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Taming and Training of Elephants


Taming and training of elephants

Recently we featured an article explaining briefly how our ancestors succeeded in capturing the giants of the jungles - the elephants. Today we’ll enlighten you as to how these huge mammals are tamed, trained and controlled by the mahouts or the elephant keepers of today.
Going by old ola leaf manuscripts which have set out in detail everything we need to know about elephants, including the methods of taming and training of these wild creatures, many people have become highly skilled elephant trainers and mahouts today.
Being a mahout is no easy task. Even after an elephant has been tamed and trained by the experts, the mahout’s job does not end; he has to be constantly alert and in full control of the elephant at all times. No other animal in the world is looked after and guarded in the manner an elephant is. So, a mahout has a huge responsibility. 


Now let’s check out how a person is trained to become a mahout first.
Generally, the skills of a mahout are passed down from one generation to another with the son becoming an apprentice to the father. But there are many who are new to this job. They have to initially undergo a hard training to learn how to care for the elephants (feed, bathe and maintain) and also control them by words or commands and with certain weapons, using traditional methods. This all important training is given by a veteran mahout who is popularly referred to as the Ali baas by the people.
Like in some other such professions, the apprentice mahouts have to initially do various odd jobs to help the ‘Big boss’ like fetch water, bring food and so on.
The specialised art of taming and training wild elephants is then taught by the older elephant trainers and mahouts to the younger ones.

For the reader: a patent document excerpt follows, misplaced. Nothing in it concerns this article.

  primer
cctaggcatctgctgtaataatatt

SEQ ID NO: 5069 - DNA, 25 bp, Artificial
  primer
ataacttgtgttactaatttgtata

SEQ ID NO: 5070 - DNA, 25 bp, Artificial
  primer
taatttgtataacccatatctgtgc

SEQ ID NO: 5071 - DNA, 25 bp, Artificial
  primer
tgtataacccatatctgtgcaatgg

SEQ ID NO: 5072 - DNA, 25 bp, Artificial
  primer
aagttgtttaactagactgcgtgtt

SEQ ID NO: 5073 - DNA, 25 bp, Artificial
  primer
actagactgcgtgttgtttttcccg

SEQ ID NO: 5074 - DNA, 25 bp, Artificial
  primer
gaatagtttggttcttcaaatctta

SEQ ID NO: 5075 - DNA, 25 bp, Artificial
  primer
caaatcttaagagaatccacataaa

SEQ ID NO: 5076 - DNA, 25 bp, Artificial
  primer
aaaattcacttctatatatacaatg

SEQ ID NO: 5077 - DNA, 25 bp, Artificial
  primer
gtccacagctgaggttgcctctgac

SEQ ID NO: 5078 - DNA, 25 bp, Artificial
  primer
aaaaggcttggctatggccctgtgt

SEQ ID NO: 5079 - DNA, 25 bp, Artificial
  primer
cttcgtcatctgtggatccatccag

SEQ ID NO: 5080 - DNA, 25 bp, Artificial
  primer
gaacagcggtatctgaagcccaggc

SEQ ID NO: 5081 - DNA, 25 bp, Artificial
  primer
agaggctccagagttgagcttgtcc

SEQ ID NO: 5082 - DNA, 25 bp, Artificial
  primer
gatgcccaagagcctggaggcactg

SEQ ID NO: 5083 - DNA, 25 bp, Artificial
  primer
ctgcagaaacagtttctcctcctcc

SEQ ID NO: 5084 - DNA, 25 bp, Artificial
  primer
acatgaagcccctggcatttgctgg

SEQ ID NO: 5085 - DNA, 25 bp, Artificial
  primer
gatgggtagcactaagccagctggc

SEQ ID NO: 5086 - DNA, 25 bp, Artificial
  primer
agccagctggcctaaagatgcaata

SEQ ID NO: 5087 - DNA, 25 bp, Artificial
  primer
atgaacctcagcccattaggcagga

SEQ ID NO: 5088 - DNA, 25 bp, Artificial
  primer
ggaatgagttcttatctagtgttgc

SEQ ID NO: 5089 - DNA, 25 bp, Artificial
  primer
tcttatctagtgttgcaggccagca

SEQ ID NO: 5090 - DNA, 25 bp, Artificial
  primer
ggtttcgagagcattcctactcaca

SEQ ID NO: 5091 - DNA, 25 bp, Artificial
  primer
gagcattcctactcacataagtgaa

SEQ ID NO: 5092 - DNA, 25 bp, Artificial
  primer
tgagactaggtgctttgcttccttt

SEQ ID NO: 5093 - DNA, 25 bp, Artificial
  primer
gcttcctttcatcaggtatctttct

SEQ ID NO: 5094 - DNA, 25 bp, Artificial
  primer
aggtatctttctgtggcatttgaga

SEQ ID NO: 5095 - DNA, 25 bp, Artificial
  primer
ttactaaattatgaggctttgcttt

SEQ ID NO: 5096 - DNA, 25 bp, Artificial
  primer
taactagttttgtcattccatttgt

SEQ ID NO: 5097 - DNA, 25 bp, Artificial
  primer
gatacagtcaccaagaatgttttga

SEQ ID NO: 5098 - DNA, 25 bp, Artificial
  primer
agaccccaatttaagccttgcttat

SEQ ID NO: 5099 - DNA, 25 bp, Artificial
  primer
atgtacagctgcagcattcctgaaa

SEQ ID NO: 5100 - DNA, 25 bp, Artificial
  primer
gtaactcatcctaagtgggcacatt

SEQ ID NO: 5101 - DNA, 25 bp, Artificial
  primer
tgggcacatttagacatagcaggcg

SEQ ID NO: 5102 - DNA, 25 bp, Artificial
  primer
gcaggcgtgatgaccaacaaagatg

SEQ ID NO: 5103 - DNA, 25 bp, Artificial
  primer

Elephant management was a highly recognised profession during the times of the Sinhala Kings. In order to tame an elephant, the animal’s wild spirit had to be broken first. It was only then that the elephant could be made to obey the commands given by a mahout.
What the trainers do initially to break the spirit is tie the wild elephant in a place constantly exposed to humans and other tame elephants. Then the handlers and mahouts make the elephant used to human voices by talking continuously.
They also touch the elephant by hand or with leaves and branches of trees while talking to it. During this time no food is given and the animal gets no sleep either. Without food and sleep, the animal’s resistance drops and it becomes subdued easily.
Once it’s subdued it’s given food and water and also a long bath. Elephants love to bathe and a captive elephant needs to be bathed at least three to four hours a day. Usually, an elephant likes to sleep for about an hour in the water and an experienced mahout would never disturb the animal at this time.
When it comes to training and controlling wild elephants, a mahout initially depends on certain weapons such as the goad (ankus or henduwa in Sinhala), sticks, spear and chains. Among these, the goad which is a metal cap tapering to a sharp point, fitted on to a stick about four to five feet, plays a key role.
It is by prodding the elephants with the goad that they are made to do certain things by the handlers and mahouts. They also use a special language known in Sinhala as the ali baasawa to command the elephants. This language used by the mahouts is common to all parts of the country and all mahouts should master it. Some of the words used are daha, hida, pimbu and paru (see box for more).
Just as much as a mahout has to learn the special language to command the elephant, he also has to know how to use the goad and prod the wild animal in the sensitive points of the body because in the event the animal is goaded in the wrong way, there could be adverse reactions.
These sensitive or nila points are categorised according to the reaction from the animal. A dangupola means the controlling points, avisseema are arousing points and mara nila are death points. However all the identified nila points of an elephant are not necessarily the goading points.
Even though at the early stages of the training a lot of prodding may be done, once the elephant learns obedience many skilled mahouts manage to control the elephants just by commands, because by this time a close relationship has been built between the elephant and mahout. Some mahouts don’t even use any commands, especially when travelling atop the animals. They merely tap the animal with the feet to get it to do certain things.